Purpose: High-resolution peripheral quantitative computed tomography (HR-pQCT) captures novel aspects of bone geometry, volumetric bone mineral density and offers the ability to measure bone microarchitecture, but data relating measures obtained from this technique to diabetic status are inconsistent in women and lacking in men.
Methods: Here we report an analysis from the Hertfordshire Cohort Study, where we were able to study associations between bone microarchitecture from HR-pQCT of the distal radius and distal tibia in 332 participants (177 men and 155 women) aged 72.1-81.4 years with or without diabetes mellitus (DM); n=29 (18 men and 11 women) and n=303 respectively. Statistical analyses were performed separately for women and men.
Results: The mean (SD) age of participants was 76.4 (2.6) and 76.1 (2.5) years in women and men, respectively. Participants with DM differed significantly in terms of weight in both women (70.4 ± 12.3 kg vs. 80.3 ± 18.3 kg; p=0.015) and men (81.7 ± 11.4 kg vs. 92.8 ±16.3 kg; p<0.001) but no differences were found in height, smoking status, alcohol intake, social class and physical activity among women or men. Analyses in women revealed that cortical pore volume (Ct.Po.V) was higher in participants with DM and close to statistical significance for cortical porosity (Ct Po) (β=0.76 [0.12, 1.41] z-score, p=0.020 and β=0.62 [-0.02, 1.27] z-score, p=0.059, respectively) at the distal radius. Adjustment for weight did not materially affect the relationship described for Ct.Po.V (β=0.74 [0.09, 1.39], p=0.027) and Ct.Po (β=0.65 [-0.01, 1.30], p=0.053) at the distal radius. After adjustment for weight, analyses in men revealed that Ct.Po and Ct.Po.V were higher in participants with DM (β=0.57 [0.09, 1.06] z-score, p=0.021 and β=0.48 [0.01, 0.95] z-score, p=0.044, respectively) at the distal tibia. Analyses of distal radial and tibial trabecular bone parameters according to diabetic status revealed no significant differences among men or women after adjustment for weight.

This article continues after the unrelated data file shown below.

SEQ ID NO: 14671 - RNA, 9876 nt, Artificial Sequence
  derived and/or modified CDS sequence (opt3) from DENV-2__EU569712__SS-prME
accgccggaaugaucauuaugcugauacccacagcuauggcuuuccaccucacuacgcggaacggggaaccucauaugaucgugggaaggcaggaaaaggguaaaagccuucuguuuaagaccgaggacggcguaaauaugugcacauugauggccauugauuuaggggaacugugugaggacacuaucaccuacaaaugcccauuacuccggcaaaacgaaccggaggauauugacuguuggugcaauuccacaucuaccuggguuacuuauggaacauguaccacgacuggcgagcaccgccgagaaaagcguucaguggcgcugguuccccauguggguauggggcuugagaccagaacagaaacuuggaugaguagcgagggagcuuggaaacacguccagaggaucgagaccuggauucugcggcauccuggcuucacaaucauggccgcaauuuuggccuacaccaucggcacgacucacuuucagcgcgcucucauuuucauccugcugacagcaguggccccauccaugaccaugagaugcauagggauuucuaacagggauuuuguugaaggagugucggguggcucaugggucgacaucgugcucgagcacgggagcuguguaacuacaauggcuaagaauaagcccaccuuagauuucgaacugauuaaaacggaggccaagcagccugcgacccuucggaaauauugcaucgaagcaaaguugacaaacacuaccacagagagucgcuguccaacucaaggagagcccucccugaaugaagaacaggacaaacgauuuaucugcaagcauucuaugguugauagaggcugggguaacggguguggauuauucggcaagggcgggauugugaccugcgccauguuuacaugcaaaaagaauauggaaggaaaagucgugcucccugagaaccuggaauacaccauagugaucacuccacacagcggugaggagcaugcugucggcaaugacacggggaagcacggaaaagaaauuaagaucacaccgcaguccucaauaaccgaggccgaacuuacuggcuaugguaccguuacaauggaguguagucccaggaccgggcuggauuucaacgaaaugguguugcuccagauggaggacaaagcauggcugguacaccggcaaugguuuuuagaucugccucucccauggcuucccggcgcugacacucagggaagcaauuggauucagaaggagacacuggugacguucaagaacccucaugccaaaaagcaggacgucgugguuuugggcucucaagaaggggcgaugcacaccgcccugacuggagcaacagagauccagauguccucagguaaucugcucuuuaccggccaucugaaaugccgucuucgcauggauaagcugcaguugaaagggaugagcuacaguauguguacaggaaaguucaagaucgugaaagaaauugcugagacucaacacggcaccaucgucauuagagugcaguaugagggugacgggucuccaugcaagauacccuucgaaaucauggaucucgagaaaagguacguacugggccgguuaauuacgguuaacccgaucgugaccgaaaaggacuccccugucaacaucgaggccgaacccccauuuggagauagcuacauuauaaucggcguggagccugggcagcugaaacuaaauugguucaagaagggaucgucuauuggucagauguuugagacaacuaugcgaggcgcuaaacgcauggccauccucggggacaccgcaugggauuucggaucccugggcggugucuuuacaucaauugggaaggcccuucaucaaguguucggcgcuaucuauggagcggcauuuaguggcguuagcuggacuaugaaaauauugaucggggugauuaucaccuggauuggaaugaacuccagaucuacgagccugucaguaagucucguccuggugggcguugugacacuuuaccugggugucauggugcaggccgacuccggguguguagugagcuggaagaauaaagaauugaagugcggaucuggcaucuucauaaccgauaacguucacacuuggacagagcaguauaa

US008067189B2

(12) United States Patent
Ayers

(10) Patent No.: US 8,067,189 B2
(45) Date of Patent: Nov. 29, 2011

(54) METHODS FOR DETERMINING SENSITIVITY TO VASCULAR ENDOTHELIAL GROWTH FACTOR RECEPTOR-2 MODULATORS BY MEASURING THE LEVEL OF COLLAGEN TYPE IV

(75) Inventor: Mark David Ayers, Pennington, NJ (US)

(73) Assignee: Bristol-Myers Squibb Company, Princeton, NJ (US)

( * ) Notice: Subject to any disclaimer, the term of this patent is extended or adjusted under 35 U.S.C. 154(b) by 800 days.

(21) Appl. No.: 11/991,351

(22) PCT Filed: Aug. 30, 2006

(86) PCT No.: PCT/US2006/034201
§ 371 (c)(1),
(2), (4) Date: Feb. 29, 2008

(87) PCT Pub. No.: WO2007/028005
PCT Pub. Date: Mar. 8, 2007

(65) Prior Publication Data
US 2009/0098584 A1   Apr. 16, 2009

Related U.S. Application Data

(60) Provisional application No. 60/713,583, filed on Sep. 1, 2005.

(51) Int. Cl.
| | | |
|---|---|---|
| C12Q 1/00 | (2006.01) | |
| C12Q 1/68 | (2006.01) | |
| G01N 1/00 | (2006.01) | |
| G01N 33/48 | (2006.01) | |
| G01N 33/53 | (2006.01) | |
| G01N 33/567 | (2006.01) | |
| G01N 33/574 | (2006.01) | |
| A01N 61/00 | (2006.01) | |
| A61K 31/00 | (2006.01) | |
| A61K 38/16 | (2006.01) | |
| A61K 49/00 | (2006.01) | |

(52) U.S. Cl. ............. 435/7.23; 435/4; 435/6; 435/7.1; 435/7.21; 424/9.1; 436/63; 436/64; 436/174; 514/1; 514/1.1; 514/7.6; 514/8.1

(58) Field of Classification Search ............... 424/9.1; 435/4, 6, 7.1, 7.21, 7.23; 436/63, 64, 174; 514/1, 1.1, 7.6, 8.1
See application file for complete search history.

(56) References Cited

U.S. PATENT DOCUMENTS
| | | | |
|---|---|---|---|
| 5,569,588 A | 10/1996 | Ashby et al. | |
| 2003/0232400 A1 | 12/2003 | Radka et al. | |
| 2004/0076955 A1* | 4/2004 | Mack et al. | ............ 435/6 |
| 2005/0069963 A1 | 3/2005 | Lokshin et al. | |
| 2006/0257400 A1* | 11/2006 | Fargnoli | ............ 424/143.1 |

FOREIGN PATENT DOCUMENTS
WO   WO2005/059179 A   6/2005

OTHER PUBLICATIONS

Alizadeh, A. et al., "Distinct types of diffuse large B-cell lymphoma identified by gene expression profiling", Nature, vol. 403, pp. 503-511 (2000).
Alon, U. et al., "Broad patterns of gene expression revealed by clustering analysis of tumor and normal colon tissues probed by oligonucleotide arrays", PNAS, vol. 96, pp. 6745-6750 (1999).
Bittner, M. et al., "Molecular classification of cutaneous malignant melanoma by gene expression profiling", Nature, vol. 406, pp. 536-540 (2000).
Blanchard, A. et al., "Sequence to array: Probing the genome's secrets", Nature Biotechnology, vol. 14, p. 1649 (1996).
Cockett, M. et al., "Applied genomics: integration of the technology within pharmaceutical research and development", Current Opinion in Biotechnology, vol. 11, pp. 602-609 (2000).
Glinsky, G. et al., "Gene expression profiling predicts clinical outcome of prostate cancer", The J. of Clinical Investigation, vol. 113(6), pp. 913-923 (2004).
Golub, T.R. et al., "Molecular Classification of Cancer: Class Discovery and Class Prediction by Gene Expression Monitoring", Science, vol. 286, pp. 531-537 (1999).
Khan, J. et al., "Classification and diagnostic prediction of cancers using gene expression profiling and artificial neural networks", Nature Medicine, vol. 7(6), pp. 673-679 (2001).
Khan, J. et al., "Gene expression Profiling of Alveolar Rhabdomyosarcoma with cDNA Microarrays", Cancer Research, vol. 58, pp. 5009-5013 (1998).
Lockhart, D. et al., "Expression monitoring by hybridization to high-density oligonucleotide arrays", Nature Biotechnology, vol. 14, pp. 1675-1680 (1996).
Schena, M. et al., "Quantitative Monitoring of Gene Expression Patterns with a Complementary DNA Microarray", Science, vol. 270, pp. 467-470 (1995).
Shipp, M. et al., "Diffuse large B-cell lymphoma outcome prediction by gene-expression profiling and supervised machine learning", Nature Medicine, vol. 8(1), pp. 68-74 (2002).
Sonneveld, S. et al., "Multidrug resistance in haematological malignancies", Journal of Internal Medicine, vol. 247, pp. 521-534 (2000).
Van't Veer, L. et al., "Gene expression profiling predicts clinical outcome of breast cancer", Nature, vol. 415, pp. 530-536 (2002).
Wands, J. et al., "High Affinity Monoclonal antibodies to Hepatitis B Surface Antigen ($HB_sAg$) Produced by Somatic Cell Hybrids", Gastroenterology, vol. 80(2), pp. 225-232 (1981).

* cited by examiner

Conclusions: We found higher cortical porosity and cortical pore volume at the distal tibia in men with DM and higher cortical pore volume at the distal radius in women with a non-significant tendency for higher cortical porosity. The results of our study suggest that deficits in cortical bone exist both in older men and women with DM.